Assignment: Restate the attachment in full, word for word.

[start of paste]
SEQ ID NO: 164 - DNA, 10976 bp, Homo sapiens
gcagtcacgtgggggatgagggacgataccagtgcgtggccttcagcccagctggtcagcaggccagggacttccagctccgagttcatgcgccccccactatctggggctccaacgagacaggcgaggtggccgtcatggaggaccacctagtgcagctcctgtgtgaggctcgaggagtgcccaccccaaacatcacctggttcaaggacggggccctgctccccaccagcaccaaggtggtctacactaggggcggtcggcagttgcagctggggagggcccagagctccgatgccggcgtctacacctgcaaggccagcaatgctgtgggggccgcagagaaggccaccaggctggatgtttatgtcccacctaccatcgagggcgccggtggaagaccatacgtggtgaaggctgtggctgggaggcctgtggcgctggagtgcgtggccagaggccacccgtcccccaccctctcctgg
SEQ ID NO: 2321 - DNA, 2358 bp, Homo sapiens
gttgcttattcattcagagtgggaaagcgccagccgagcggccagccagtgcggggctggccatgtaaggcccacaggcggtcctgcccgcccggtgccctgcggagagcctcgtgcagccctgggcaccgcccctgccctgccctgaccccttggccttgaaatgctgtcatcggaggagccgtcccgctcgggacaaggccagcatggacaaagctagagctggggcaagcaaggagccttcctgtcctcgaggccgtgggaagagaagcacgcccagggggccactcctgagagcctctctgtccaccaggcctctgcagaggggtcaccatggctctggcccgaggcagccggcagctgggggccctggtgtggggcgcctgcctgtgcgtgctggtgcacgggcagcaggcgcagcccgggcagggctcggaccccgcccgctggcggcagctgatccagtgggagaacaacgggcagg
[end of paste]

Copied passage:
SEQ ID NO: 164 - DNA, 10976 bp, Homo sapiens
gcagtcacgtgggggatgagggacgataccagtgcgtggccttcagcccagctggtcagcaggccagggacttccagctccgagttcatgcgccccccactatctggggctccaacgagacaggcgaggtggccgtcatggaggaccacctagtgcagctcctgtgtgaggctcgaggagtgcccaccccaaacatcacctggttcaaggacggggccctgctccccaccagcaccaaggtggtctacactaggggcggtcggcagttgcagctggggagggcccagagctccgatgccggcgtctacacctgcaaggccagcaatgctgtgggggccgcagagaaggccaccaggctggatgtttatgtcccacctaccatcgagggcgccggtggaagaccatacgtggtgaaggctgtggctgggaggcctgtggcgctggagtgcgtggccagaggccacccgtcccccaccctctcctgg
SEQ ID NO: 2321 - DNA, 2358 bp, Homo sapiens
gttgcttattcattcagagtgggaaagcgccagccgagcggccagccagtgcggggctggccatgtaaggcccacaggcggtcctgcccgcccggtgccctgcggagagcctcgtgcagccctgggcaccgcccctgccctgccctgaccccttggccttgaaatgctgtcatcggaggagccgtcccgctcgggacaaggccagcatggacaaagctagagctggggcaagcaaggagccttcctgtcctcgaggccgtgggaagagaagcacgcccagggggccactcctgagagcctctctgtccaccaggcctctgcagaggggtcaccatggctctggcccgaggcagccggcagctgggggccctggtgtggggcgcctgcctgtgcgtgctggtgcacgggcagcaggcgcagcccgggcagggctcggaccccgcccgctggcggcagctgatccagtgggagaacaacgggcagg